The Payment Systems Regulator (PSR) came into force on 1 April 2015, with powers to promote competition, innovation and the responsiveness of payment systems to the needs of service-users – as set out in the Financial Services (Banking Reform) Act 2013 (“the Act”).
Under the Act, the Treasury has the power to designate certain bodies as super-complainants to the PSR. The government has now written to four consumer groups informing them of our intention to designate them as PSR super-complainants. These four bodies are:
We have also written to Age UK to invite it to make an application to become a designated super-complainant.
What is a super-complaint?
The Act gives designated consumer bodies the right to make a super-complaint to the PSR where that body considers that there are features of a market in the United Kingdom for payment systems, (such as the market structure or the conduct of firms operating within it) that are, or which may be, significantly damaging the interests of consumers.
Applying to become a super-complainant to the Payment Systems Regulator (PSR)
The Treasury would also like to invite interested parties to apply for the status of super-complainant under the Financial Services Act 2013. The deadline for applications is 12 October 2015.
Applications should be submitted in writing to the following address:
Banking and Credit Team
Financial Services Group
1 Horse Guards Road
How will consumer bodies be designated?
Bodies will be designated with consideration for the following criteria, which prospective super-complainants must reference, and where necessary show evidence of, in their applications:
The body is so constituted, managed and controlled as to be expected to act independently, impartiality and with complete integrity.
The body can demonstrate considerable experience and competence in representing the interests of consumers of any description.
The body has the capability to put together reasoned super-complaints on a range of issues relating to payments.
The body is ready and willing to co-operate with the PSR. In particular, the body agrees to take account of any guidance issued by the PSR on the making of super-complaints.
The fact that a body has a trading arm will not disqualify it from being designated provided that the trading arm does not control the body; any profits of the trading arm are only used to further the stated objectives of the body; and the body has established procedures to ensure that any potential conflicts of interest are properly dealt with.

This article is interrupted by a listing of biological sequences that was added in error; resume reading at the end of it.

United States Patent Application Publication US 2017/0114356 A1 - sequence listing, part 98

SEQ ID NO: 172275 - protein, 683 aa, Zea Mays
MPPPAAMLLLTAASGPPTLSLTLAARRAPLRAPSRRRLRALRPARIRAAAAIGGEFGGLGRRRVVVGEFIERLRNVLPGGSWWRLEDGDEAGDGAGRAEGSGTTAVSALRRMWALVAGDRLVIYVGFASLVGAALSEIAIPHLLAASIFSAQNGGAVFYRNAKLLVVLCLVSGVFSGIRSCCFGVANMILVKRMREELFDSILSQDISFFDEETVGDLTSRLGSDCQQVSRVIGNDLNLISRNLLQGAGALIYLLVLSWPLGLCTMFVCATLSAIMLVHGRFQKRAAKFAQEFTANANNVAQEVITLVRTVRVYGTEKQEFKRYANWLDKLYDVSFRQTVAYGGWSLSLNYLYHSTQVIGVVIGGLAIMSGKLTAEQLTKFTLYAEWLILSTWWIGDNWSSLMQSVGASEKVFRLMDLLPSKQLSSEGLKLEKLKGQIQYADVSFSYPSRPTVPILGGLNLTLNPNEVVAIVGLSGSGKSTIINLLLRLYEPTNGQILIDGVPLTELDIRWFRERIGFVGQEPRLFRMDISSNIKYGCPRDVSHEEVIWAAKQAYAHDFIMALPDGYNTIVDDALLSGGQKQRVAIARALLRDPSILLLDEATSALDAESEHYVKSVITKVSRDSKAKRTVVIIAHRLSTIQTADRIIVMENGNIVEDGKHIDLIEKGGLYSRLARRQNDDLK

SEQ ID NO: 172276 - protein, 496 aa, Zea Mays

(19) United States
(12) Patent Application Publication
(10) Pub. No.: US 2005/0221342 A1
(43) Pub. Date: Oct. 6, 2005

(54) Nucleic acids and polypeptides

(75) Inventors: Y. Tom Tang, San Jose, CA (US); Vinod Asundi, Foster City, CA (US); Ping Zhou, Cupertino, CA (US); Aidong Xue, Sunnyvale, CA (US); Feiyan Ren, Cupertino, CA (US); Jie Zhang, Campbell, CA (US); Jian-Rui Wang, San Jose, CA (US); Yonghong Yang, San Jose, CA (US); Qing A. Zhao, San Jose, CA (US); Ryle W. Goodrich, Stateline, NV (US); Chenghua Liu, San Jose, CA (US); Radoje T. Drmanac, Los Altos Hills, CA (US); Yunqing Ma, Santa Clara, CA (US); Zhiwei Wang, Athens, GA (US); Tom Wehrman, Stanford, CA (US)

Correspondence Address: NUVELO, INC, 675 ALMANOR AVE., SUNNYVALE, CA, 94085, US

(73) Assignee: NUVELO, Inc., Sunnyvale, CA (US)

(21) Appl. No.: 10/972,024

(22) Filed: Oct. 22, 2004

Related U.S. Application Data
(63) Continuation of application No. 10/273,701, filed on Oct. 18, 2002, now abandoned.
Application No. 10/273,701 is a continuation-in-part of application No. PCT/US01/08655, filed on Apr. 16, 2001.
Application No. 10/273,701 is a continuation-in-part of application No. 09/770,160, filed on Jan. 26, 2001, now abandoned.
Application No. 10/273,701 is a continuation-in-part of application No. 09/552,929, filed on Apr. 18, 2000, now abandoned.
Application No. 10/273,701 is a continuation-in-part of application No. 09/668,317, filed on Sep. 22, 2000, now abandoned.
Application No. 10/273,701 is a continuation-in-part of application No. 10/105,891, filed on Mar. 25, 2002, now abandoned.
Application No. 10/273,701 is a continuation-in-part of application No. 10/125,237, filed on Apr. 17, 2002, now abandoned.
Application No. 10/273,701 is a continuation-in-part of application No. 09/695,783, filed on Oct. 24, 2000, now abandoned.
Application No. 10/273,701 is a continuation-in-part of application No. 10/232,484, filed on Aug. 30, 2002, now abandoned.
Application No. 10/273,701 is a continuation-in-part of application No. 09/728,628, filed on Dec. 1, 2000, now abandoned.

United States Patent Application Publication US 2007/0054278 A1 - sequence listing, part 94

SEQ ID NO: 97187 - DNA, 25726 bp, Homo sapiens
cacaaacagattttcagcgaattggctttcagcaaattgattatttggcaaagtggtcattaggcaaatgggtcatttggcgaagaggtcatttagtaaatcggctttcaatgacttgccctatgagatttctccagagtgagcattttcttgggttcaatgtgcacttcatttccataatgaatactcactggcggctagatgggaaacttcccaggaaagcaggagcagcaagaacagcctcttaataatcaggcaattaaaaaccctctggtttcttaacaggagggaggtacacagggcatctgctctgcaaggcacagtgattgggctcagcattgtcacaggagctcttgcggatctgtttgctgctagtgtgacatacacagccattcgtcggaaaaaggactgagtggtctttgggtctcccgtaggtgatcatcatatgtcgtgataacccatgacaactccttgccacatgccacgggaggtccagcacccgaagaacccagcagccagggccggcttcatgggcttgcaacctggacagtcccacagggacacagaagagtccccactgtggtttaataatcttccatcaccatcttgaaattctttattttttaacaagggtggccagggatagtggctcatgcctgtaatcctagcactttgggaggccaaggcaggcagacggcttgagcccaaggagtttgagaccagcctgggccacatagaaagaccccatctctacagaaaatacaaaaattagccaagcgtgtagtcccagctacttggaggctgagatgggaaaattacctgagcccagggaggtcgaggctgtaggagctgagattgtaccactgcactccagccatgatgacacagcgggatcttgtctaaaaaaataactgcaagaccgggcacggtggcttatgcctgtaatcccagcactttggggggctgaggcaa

Where it appears to the Treasury that a body primarily represents the interests of businesses in their capacity as consumers of payment systems and services, the body must be able to demonstrate that it primarily represents the interests of small or medium-sized businesses.
How will the PSR respond to super-complaints?
The PSR will have a duty to respond to super-complaints within 90 days. The PSR’s response might involve, for example:
- announce plans to consult on an issue
- explain how the PSR is already taking action to address an issue
- explain why it is not taking any action
Who can bring a super-complaint to the PSR?
Only bodies designated by the Treasury can bring a super-complaint to the PSR.
The PSR has been given the ability to accept super-complaints in order to strengthen the voice of consumers of payment systems, as they are unlikely to have access individually to the kind of information necessary to judge whether markets are failing for them. Consumer groups can access individuals’ complaints to form a judgment on whether there is a problem and then take the necessary action.
However, it is important to remember that any body can still bring complaints to the PSR. Super-complaints simply provide a fast-tracked route into the system to ensure that complaints about market failure which harms consumers are given consideration within a fixed time, and that the regulator is accountable for providing a response.